Partner Schools
Print Archive
Peer Review


Partner News
Peer Reviewed
Poetry & Fiction


Cities + Places
Design History
Design Practice
Film + Video
Health + Safety
Politics + Policy
Public + Private

Design Observer

Job Board

Gallery: Luther Thie & Kathrine Worel

Frontiers: On the Edge in Merced and Malibu

Frontiers is a series of photographs that document homes/houses on the forefront of our interaction with the economy and the environment. Taken in 2009, these images depict Merced and Malibu, two distinct communities in California, one reeling from the miscalculations of market speculation, the other struggling with the effects of climate change.

Merced, a town in the San Joaquin Valley, midway between Fresno and Modesto, was once surrounded by farmland; but the creation of a new University of California campus — intended to be the state's next education mecca — and subsequent population growth encouraged developers to invest heavily in residential subdivisions. Thousands of acres were platted for home sites, construction commenced and then … the housing bubble burst. As the promise of profits dematerialized, partially constructed subdivisions were abandoned, leaving half-built ghost towns in their wake — model homes standing next to plywood shells, cement foundations baking in the summer heat. Whether or not these projects will ever be completed is anyone’s guess, but the paving of streets and laying of underground infrastructure virtually guarantees that this land will never be farmed again.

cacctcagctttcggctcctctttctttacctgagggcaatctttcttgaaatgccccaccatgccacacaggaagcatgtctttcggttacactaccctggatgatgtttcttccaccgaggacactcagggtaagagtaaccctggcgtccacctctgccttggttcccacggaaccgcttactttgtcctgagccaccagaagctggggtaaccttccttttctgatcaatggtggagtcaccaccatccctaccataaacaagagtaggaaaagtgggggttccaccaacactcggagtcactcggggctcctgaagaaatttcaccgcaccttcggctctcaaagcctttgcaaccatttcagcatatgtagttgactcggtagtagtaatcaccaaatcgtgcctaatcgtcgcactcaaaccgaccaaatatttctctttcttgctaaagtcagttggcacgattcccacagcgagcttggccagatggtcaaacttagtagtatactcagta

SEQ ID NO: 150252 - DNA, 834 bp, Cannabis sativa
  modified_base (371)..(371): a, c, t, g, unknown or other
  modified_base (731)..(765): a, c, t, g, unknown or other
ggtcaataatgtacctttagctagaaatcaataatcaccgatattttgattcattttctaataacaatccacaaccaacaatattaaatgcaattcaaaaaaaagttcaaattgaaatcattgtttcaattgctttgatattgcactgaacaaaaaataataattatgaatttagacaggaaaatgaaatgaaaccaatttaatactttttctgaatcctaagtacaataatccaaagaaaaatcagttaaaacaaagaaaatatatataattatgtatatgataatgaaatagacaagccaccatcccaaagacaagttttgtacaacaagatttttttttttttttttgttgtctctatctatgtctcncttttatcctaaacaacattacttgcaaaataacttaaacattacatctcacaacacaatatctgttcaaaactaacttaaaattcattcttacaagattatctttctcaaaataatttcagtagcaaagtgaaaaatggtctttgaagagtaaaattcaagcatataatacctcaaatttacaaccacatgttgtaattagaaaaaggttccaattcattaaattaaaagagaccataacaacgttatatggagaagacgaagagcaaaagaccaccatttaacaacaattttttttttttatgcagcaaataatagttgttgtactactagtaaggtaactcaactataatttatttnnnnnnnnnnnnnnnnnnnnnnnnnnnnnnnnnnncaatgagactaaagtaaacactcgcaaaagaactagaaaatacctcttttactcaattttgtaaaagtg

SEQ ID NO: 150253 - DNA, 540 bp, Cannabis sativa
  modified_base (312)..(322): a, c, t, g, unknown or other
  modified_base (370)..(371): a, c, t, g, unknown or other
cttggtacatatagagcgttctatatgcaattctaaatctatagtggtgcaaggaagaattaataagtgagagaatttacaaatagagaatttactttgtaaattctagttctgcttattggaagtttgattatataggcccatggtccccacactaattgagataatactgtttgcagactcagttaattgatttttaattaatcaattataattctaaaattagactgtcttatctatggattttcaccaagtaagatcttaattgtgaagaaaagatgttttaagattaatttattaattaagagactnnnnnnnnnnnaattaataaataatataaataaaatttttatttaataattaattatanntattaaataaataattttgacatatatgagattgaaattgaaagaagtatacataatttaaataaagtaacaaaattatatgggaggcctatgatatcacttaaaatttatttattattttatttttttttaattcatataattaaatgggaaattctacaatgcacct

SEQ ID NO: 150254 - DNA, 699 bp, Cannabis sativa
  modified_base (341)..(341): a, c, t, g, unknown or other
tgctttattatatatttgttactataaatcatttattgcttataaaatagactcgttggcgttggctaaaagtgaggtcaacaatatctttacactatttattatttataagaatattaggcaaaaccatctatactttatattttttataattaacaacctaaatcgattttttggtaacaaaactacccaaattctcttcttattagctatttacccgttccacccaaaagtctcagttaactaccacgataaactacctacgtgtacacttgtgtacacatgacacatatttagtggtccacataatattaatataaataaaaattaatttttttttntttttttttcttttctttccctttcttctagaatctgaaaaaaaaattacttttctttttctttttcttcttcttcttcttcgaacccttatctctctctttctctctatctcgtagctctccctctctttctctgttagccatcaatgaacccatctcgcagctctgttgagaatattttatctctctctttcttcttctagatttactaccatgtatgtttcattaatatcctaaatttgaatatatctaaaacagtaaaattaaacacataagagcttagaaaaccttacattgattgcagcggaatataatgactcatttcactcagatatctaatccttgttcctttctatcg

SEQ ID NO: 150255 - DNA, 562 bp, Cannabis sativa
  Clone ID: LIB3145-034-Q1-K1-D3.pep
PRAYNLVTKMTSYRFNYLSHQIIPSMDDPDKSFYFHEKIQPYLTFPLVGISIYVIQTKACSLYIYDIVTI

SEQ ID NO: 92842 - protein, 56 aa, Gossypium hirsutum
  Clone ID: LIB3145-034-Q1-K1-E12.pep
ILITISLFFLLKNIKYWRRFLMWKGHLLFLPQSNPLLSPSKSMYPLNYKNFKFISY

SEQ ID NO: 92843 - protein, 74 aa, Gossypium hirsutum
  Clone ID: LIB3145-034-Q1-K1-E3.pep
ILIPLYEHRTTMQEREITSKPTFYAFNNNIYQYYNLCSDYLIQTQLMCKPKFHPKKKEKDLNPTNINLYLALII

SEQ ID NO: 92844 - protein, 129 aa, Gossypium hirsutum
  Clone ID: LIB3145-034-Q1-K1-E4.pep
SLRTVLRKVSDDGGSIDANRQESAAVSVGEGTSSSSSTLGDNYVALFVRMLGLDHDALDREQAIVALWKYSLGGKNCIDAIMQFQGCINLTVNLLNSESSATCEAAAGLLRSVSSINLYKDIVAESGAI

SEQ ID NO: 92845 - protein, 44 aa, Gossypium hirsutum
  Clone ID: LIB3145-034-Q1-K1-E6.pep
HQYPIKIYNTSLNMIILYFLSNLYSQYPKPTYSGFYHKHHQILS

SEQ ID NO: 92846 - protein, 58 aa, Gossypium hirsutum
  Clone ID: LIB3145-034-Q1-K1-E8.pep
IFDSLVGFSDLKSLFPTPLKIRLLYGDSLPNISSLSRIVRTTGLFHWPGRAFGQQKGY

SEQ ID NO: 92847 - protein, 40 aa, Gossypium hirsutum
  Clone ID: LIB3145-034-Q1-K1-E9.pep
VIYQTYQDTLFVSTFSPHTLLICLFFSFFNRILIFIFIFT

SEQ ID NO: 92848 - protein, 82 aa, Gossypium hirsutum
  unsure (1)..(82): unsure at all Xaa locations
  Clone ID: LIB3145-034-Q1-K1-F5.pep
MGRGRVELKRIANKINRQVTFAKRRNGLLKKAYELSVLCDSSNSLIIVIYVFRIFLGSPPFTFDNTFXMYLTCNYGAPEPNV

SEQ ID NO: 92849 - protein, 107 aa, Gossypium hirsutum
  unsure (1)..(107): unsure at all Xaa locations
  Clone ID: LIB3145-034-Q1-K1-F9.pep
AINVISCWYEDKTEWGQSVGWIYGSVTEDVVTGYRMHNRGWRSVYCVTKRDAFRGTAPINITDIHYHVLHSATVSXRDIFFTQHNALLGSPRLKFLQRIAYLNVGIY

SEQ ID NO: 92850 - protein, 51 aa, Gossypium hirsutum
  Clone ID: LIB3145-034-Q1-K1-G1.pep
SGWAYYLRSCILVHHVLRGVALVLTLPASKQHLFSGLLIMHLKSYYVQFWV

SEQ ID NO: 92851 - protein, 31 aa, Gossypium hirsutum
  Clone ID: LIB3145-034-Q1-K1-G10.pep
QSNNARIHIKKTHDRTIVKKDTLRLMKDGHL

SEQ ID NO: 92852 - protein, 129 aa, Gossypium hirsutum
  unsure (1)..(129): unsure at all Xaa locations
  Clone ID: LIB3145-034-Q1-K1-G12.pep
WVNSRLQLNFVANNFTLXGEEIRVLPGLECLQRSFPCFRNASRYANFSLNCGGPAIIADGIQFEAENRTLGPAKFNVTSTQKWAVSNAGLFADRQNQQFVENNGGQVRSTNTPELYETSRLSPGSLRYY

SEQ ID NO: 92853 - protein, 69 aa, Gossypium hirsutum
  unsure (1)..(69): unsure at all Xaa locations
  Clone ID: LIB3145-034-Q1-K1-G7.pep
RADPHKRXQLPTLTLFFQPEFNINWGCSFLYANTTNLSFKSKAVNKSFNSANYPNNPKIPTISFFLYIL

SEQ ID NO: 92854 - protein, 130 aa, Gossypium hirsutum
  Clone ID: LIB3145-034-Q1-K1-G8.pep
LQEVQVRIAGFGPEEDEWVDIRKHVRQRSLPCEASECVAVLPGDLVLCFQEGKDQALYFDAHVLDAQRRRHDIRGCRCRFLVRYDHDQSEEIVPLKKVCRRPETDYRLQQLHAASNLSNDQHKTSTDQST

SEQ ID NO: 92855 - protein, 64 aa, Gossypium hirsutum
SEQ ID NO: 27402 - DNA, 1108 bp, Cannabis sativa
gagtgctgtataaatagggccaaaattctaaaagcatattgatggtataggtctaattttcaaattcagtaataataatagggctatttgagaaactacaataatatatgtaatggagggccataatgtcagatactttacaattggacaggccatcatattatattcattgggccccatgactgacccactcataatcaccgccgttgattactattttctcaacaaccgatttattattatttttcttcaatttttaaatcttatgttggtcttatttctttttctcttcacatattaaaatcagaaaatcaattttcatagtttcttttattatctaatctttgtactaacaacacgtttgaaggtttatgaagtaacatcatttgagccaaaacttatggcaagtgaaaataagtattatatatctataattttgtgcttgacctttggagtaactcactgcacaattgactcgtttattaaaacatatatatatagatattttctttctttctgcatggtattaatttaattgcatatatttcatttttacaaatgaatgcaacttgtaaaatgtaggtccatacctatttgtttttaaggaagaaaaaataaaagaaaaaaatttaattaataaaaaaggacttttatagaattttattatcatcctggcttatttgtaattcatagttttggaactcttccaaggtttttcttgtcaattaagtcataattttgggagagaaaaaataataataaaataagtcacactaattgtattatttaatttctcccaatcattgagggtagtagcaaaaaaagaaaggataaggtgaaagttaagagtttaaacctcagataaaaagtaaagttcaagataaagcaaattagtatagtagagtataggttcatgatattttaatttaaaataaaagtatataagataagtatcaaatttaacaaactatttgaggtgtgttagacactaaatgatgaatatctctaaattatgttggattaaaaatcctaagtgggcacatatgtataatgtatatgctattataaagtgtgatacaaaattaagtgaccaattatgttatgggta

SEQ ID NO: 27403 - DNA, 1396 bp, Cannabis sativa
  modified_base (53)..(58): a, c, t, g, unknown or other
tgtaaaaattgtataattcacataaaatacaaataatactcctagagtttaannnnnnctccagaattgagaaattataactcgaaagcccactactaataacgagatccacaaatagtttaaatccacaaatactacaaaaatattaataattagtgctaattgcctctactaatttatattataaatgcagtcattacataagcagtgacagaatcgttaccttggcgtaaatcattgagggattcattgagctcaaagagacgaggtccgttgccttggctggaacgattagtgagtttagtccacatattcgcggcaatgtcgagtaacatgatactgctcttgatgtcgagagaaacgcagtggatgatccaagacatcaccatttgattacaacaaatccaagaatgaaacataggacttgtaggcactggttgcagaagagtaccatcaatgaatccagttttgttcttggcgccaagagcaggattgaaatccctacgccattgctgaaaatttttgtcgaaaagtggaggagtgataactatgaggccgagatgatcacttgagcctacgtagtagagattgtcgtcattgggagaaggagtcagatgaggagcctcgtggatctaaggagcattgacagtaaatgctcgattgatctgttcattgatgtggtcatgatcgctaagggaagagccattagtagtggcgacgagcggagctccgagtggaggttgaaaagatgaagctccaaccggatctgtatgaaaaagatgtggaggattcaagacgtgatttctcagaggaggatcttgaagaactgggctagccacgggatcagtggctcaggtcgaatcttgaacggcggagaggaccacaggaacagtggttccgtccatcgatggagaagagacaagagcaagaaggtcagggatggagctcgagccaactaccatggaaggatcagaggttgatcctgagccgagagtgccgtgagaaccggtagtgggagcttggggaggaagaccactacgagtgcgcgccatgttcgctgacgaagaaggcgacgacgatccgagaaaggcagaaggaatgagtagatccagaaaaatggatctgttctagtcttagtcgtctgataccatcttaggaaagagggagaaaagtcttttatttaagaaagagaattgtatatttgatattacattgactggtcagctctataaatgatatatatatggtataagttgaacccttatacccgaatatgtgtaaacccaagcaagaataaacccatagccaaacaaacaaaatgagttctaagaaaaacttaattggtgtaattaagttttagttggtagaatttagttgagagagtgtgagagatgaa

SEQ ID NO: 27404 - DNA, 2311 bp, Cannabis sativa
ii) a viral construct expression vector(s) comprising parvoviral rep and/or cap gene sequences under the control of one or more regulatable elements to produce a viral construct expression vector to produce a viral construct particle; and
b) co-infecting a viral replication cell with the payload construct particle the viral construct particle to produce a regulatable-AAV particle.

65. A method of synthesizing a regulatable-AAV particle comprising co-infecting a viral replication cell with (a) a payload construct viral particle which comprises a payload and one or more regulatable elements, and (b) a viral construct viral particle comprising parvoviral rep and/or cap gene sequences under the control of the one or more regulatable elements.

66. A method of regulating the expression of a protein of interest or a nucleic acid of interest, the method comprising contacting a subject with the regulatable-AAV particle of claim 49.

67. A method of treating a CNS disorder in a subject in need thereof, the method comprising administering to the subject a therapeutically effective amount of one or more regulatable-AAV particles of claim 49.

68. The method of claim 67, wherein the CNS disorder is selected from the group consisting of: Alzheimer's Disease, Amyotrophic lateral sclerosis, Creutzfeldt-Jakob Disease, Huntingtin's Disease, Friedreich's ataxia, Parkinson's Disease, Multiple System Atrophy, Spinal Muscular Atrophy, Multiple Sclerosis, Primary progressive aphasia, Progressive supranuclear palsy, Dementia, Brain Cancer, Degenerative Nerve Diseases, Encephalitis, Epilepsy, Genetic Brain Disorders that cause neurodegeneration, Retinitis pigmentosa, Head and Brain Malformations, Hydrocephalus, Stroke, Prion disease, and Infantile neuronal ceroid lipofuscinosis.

Pristine beaches draw many to California’s coast for rest and recreation. In Malibu, a privileged few make a home at the ocean’s edge. But in recent years the effects of global warming — including hardened watersheds — and of damming rivers have led to sand-starved beaches and increased coastal erosion. Unlike in Merced, money is plentiful in Malibu. Homeowners and government agencies alike fund the protection of “endangered” homes along the narrowing strip of land between the Pacific Coast Highway and the ocean. But as rising sea levels and fiercer storms deplete the protective beaches, multimillion dollar homes are vulnerable to being swept out to sea. In an ironic twist, oceanfront homes that themselves prevent the natural erosion that would replenish beach sand are being surrounded by fortress-like constructions of trucked-in sand, boulders, burlap and plastic — all simulating the sea cliffs that once sheltered this same coast.

Whether scurrying along the empty, heat-blasted streets of unfinished developments in Merced, or strolling along the fragile strip of beach in Malibu, we approached this project as archeologists of our own future, documenting moments on the threshold of change.

Share This Story


Forgetting Guantánamo, Again

What the Nation’s Best-Educated Amateur Planners Learned from Hurricane Isaac. And Gustav. And Rita and Katrina. And Cindy, Ivan, Lili, Isidore, and Georges.

Soundscapes: Burning Man